New learning, new assessments

by Paul Maharg on 22/06/2006

It was a student, come to see me because she couldn’t believe she’d failed four exams.  Never failed one in her life, then the humiliation of four in a row in the Diploma.  After the shock, the blame: it was the Diploma, it was the fire alarm going off in one of the exams, it was not enough time for cramming, etc.  And then: ‘it was that great idea of Ardcalloch [Paul raises eyebrows] No seriously it’s a genius of an idea, but the trouble with it is that we were all used to doing coursework and transactions, and couldn’t do exams again.’ 

Actually I took that sceptically, then as a compliment, though I didn’t say so.  But she had a point, and the more I thought about it the more I became aware it’s something we need to address in a creative way.  When a curriculum goes fairly experimental, students learn adaptive behaviour to cope and thrive.  Stenhouse noted this back in the seventies within the experimental Humanities Curriculum Project.  But if the curriculum also includes traditional elements of tutorials > open-book exams then experimental elements may attract attention away from the more traditional elements, and distract students from their traditional academic patterns of study > exams. 

Two possibilities for the Diploma: either we winnow out the traditional academic examinations, go for situated learning & assessment in total, or else we get creative about embedding the academic assessment within Ardcalloch.

{ 3 comments… read them below or add one }

1 Sefton Bloxham June 22, 2006 at 22:24

Abslolutely! The mode of assessment must be aligned with the learning environment (Biggs, Prosser & Trigwell) and if we create a transactional/collaborative learning environment and expect students to adapt to it (which most do and with considerable enthusiasm), we should not be falling back on traditional modes of assessment which test different skills/knowledge/attributes. For years I’ve been frustrated by having an end of year 3hr unseen exam (although I introduced some “seen in advance” questions a few yeras back) which traumatises students and forces them into a strategic approach (invariably involving surface learning) to their studies. I’ve never been convinced that exams test much more than memory and organisation myself. Athough both are useful attributes, neither are the most important things to be assessing. Anyway, this year for the first time the assessment has been entirely through coursework with 25% being based around a “report” oif the negotiations assignment (team based). I’ve yet to crunch the data (only finished marking yesterday!) but it looks as if we have fewer Fails than usual (they are invariably students who crash in the exam) and more Firsts than usual. I wouldn’t want to base my argument solely on the empirical data of the results but it relates to Paul’s student’s comments. I think she has a point!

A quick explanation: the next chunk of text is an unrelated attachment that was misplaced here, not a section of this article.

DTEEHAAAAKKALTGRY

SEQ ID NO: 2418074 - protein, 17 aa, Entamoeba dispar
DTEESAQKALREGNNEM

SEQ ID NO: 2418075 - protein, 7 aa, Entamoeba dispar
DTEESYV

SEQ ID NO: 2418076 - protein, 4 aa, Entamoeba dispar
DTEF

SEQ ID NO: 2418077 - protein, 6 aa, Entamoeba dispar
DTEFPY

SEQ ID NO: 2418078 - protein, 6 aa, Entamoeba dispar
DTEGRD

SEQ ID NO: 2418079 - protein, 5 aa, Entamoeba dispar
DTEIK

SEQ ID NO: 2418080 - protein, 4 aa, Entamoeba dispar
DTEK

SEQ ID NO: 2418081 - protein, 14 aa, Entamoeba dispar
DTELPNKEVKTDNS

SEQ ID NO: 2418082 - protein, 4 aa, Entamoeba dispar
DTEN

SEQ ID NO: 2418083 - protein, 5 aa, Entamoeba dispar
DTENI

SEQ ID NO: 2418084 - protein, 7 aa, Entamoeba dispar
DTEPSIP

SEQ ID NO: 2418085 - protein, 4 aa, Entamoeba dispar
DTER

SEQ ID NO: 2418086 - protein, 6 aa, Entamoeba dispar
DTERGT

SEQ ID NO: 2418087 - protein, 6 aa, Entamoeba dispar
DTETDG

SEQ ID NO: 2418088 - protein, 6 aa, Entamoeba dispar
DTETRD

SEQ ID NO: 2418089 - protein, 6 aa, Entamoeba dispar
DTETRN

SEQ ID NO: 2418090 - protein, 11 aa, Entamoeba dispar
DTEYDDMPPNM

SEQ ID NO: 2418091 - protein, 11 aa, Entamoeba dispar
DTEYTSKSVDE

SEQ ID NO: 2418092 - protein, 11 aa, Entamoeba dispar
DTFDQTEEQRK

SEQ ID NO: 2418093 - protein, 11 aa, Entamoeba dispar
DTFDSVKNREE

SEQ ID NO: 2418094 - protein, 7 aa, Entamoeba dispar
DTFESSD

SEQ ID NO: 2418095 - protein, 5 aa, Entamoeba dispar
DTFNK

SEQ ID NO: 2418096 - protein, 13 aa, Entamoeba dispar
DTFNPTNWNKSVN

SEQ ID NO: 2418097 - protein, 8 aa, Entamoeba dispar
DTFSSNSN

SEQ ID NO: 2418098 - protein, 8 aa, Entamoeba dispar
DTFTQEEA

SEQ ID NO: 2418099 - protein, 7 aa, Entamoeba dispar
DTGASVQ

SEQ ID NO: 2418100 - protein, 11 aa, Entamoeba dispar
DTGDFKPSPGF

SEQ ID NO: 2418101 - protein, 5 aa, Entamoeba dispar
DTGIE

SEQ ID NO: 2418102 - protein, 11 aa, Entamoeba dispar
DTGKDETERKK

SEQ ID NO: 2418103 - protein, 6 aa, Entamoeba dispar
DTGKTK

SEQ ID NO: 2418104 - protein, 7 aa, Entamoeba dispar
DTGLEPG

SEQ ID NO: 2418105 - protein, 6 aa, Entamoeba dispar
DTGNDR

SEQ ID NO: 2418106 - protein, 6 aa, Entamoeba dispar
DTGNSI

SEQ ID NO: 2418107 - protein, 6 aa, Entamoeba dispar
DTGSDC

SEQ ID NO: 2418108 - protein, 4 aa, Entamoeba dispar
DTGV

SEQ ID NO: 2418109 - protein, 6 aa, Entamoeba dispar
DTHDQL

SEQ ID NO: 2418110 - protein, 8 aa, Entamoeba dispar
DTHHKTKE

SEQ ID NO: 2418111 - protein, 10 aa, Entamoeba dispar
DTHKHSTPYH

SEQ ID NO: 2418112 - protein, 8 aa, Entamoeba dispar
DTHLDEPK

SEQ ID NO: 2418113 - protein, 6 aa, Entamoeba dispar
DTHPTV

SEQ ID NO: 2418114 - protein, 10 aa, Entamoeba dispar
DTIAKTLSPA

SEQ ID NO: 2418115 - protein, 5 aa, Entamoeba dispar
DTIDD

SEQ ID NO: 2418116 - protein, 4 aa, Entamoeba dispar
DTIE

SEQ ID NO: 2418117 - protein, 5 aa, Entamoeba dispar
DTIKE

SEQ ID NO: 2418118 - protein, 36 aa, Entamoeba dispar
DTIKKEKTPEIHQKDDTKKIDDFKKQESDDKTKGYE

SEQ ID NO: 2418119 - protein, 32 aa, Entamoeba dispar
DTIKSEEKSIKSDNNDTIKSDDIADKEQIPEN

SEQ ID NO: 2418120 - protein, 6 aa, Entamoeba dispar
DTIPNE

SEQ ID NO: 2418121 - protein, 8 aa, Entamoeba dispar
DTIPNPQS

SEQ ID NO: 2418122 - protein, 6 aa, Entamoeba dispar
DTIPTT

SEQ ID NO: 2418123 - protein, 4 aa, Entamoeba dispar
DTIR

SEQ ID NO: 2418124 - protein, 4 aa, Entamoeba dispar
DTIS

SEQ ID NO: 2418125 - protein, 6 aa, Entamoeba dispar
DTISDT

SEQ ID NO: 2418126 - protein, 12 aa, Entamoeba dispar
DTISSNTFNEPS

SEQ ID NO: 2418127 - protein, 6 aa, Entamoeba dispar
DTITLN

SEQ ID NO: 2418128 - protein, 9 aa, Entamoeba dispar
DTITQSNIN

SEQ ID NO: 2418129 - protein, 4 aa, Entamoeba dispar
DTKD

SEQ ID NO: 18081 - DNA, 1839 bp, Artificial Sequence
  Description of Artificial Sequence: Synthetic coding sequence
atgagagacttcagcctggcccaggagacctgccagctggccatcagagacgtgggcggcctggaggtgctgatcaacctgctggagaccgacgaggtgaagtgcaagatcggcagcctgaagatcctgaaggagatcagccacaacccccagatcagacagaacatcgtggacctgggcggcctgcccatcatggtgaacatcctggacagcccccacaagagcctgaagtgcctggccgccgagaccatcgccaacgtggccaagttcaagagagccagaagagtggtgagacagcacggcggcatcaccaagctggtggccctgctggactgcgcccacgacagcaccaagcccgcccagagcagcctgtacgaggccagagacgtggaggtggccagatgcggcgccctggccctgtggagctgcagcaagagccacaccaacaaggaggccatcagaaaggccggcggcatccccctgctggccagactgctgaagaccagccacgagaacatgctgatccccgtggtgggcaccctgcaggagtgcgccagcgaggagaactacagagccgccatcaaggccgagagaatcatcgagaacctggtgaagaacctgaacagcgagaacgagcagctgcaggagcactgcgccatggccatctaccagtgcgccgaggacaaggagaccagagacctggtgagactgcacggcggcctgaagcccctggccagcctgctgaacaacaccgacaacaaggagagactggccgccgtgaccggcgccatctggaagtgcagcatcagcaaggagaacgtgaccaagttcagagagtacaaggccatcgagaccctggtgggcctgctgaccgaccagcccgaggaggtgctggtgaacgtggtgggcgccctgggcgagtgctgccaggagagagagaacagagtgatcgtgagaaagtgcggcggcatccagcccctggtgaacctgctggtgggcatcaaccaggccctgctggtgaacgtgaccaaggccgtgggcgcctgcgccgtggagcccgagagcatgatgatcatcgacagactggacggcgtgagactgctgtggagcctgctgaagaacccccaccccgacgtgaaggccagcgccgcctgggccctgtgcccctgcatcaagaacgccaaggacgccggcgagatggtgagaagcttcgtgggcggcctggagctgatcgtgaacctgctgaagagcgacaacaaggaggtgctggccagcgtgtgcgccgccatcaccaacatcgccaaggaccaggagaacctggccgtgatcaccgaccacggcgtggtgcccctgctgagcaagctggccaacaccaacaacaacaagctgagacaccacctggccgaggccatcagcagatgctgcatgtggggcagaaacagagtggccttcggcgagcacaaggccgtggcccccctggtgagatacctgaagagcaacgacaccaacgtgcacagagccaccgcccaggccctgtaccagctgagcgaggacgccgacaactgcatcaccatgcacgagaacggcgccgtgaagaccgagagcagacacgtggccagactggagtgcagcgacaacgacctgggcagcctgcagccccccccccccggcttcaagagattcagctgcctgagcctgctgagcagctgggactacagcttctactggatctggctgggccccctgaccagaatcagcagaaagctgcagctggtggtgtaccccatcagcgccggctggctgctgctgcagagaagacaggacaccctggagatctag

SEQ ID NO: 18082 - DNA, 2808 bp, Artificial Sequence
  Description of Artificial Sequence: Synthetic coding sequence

2 Paul Maharg June 23, 2006 at 09:26

Yes that’s interesting. I’d be keen to see the data on that, Sefton. I think it’s undeniable within a module. But can Biggs et al be generalised to a whole programme of study? I can’t remember if this was part of the literature; but I think it can be generalised, because assessment is such a powerful influence on student patterns of study. But the problems in development of innovative assessment across a programme are pretty daunting. Communication about aims & culture become a lot easier, though, because the alignment is not just within separate modules but saturates the entire programme.
There’s research on the effects of siting traditional & innovative assessment side-by-side, and if memory serves me right I think that the positive effects of the innovative assessment were less as a result. But I can’t remember the reference.


3 Patricia McKellar June 27, 2006 at 12:02

I can quite understand a student having problems getting back into studying for traditional exams when they have spent a year dealing with legal transactions which have involved them in a whole new range of skills. One of my concerns is the rigidity which attaches to either University requirements or the governing bodies which demands that the assessment be by way of exam. With this in mind, and while we create new assessment methods we have to be careful not to over assess. If we increase the assessment load on students with what are aguably more educationally valid methods we must be able to reduce the burden elsewhere. This means educating our masters in the benefits of the new assessment regime as well as our students.


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